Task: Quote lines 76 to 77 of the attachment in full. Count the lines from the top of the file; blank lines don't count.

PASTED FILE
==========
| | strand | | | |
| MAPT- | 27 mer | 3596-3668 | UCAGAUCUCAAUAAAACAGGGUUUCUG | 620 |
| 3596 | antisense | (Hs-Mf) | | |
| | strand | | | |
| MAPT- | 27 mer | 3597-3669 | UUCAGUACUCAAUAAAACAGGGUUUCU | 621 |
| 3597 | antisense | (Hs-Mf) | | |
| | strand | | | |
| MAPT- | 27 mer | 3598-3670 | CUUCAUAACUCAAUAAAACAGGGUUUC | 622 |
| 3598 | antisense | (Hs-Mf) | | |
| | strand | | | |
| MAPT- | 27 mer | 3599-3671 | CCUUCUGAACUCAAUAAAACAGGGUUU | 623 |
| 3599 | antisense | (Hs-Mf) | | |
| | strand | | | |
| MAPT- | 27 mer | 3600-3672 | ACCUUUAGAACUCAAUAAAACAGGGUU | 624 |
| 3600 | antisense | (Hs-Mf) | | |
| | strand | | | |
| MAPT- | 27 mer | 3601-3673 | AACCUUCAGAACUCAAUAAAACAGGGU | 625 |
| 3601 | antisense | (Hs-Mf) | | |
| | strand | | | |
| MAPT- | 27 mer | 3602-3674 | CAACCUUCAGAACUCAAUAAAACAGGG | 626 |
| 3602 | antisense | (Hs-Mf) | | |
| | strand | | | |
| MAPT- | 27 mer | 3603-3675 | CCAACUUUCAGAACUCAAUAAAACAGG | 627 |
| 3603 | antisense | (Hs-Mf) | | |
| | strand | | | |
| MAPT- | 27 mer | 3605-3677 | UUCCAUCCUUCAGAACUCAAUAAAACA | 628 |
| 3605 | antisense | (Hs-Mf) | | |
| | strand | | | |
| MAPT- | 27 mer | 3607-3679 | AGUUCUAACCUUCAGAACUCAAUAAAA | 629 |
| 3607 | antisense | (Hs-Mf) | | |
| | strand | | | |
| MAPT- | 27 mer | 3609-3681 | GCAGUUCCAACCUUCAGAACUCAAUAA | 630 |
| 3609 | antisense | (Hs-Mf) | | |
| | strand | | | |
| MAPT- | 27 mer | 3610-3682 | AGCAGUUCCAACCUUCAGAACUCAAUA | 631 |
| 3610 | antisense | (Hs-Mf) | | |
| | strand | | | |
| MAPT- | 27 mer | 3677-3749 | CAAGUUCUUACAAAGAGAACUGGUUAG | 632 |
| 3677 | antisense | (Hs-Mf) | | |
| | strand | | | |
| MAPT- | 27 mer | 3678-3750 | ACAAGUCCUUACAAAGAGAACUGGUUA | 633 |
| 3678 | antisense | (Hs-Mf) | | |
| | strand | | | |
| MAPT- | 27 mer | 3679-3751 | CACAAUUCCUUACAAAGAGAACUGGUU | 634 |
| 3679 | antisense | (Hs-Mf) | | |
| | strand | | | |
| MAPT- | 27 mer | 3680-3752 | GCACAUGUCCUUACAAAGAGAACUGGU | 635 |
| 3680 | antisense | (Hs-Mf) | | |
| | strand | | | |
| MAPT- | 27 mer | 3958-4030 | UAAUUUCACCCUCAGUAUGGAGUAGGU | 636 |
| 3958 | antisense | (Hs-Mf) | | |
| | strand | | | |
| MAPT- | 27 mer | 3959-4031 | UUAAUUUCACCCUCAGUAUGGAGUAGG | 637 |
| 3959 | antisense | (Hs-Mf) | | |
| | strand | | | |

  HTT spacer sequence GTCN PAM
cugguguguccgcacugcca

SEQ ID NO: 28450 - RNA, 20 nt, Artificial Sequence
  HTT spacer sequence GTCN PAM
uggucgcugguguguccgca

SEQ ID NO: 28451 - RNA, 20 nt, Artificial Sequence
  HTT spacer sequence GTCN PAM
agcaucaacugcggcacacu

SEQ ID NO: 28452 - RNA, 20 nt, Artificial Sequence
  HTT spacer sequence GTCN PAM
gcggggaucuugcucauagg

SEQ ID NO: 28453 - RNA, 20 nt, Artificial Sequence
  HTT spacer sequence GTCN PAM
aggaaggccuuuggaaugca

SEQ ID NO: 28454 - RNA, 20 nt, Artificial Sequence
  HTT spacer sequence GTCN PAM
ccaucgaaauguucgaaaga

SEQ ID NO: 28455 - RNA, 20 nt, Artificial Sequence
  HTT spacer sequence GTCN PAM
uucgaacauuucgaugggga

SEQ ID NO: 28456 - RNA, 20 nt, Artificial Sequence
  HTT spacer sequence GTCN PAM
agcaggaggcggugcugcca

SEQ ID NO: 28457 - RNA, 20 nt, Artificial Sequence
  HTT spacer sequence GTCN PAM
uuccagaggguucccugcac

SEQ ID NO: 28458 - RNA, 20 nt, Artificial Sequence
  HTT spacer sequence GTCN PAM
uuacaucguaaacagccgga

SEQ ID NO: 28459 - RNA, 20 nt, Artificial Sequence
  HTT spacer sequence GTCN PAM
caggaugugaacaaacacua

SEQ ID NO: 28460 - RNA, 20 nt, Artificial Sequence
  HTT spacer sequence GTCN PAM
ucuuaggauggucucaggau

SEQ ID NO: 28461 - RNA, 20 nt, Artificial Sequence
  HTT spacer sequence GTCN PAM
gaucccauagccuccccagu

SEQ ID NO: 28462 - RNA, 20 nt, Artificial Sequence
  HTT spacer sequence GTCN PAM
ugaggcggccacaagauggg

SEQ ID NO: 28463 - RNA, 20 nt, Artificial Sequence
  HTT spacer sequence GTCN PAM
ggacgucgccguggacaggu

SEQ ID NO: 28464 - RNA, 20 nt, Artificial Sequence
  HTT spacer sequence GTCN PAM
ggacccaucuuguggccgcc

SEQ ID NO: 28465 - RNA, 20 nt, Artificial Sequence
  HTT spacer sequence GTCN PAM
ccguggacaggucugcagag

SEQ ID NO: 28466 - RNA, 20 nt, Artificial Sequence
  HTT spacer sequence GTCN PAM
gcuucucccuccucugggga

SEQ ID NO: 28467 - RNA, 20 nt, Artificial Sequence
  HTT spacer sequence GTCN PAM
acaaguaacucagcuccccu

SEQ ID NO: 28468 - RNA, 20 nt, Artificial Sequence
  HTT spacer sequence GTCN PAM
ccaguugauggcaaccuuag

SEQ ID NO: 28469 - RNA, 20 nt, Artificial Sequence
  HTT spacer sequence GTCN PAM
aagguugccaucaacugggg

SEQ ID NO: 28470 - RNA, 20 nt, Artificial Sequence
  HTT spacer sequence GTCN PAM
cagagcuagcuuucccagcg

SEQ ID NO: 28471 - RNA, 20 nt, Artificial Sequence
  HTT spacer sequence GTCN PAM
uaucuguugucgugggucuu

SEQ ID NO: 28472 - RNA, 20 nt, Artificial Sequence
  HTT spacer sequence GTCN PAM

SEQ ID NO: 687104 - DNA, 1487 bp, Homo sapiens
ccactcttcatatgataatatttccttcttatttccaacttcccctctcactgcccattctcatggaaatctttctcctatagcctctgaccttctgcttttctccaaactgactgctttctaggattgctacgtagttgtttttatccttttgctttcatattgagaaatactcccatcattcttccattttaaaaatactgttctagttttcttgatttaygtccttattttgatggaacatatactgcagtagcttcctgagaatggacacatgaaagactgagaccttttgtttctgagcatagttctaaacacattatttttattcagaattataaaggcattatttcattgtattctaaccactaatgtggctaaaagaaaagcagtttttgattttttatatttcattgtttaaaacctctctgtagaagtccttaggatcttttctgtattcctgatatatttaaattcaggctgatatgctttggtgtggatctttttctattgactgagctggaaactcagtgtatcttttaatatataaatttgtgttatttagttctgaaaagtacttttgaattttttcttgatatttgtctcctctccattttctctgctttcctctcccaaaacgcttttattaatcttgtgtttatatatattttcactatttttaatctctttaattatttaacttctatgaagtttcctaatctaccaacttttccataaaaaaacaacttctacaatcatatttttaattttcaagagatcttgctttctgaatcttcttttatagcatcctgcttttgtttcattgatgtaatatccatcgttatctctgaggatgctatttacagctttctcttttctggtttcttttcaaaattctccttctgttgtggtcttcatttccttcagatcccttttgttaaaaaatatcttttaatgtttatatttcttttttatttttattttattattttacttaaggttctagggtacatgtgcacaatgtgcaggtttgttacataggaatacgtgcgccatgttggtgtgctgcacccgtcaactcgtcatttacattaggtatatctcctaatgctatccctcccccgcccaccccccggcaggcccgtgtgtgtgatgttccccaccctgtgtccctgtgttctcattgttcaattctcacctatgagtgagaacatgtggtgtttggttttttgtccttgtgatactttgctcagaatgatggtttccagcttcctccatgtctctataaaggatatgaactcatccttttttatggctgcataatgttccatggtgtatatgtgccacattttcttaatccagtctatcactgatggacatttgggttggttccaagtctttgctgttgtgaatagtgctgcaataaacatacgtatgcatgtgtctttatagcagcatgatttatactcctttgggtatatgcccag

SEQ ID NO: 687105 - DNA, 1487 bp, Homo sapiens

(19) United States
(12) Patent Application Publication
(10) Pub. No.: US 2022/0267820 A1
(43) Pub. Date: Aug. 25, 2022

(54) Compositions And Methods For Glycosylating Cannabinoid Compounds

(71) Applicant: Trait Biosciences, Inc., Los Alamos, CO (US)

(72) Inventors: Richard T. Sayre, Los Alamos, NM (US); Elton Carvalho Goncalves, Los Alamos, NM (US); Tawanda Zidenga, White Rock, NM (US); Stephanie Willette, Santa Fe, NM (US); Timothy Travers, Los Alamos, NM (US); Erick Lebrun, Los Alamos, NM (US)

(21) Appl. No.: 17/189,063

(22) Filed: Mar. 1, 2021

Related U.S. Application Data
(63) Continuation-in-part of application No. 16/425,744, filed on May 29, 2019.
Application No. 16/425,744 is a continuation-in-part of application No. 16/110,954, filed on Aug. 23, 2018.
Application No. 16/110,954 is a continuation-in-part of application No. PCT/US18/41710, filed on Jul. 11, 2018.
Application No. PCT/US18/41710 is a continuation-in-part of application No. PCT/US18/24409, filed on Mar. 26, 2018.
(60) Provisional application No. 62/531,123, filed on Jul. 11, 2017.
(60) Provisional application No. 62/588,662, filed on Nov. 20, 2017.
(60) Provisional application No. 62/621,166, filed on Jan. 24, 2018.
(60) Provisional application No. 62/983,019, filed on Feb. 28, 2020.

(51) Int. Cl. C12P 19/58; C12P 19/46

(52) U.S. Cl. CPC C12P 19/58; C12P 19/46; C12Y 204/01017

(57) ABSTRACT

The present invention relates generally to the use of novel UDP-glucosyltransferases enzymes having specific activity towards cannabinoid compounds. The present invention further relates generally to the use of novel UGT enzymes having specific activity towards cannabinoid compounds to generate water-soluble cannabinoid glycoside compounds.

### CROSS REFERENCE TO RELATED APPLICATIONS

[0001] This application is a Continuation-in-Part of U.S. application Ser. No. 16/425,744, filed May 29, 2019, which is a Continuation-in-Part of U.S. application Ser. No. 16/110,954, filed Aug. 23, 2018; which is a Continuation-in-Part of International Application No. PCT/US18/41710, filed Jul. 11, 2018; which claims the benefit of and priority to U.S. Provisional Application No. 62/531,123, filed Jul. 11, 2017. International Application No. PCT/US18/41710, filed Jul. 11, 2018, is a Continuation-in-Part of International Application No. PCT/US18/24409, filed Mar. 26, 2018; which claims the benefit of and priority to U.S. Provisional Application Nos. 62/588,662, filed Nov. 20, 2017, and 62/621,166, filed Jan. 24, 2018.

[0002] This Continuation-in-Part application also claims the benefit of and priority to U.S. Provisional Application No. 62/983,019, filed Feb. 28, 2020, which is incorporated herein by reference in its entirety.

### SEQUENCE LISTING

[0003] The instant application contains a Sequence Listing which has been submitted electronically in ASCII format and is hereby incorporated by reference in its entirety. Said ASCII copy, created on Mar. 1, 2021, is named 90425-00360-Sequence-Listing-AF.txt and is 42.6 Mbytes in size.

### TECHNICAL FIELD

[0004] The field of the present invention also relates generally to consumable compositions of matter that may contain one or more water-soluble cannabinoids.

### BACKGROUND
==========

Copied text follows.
SEQ ID NO: 28456 - RNA, 20 nt, Artificial Sequence
  HTT spacer sequence GTCN PAM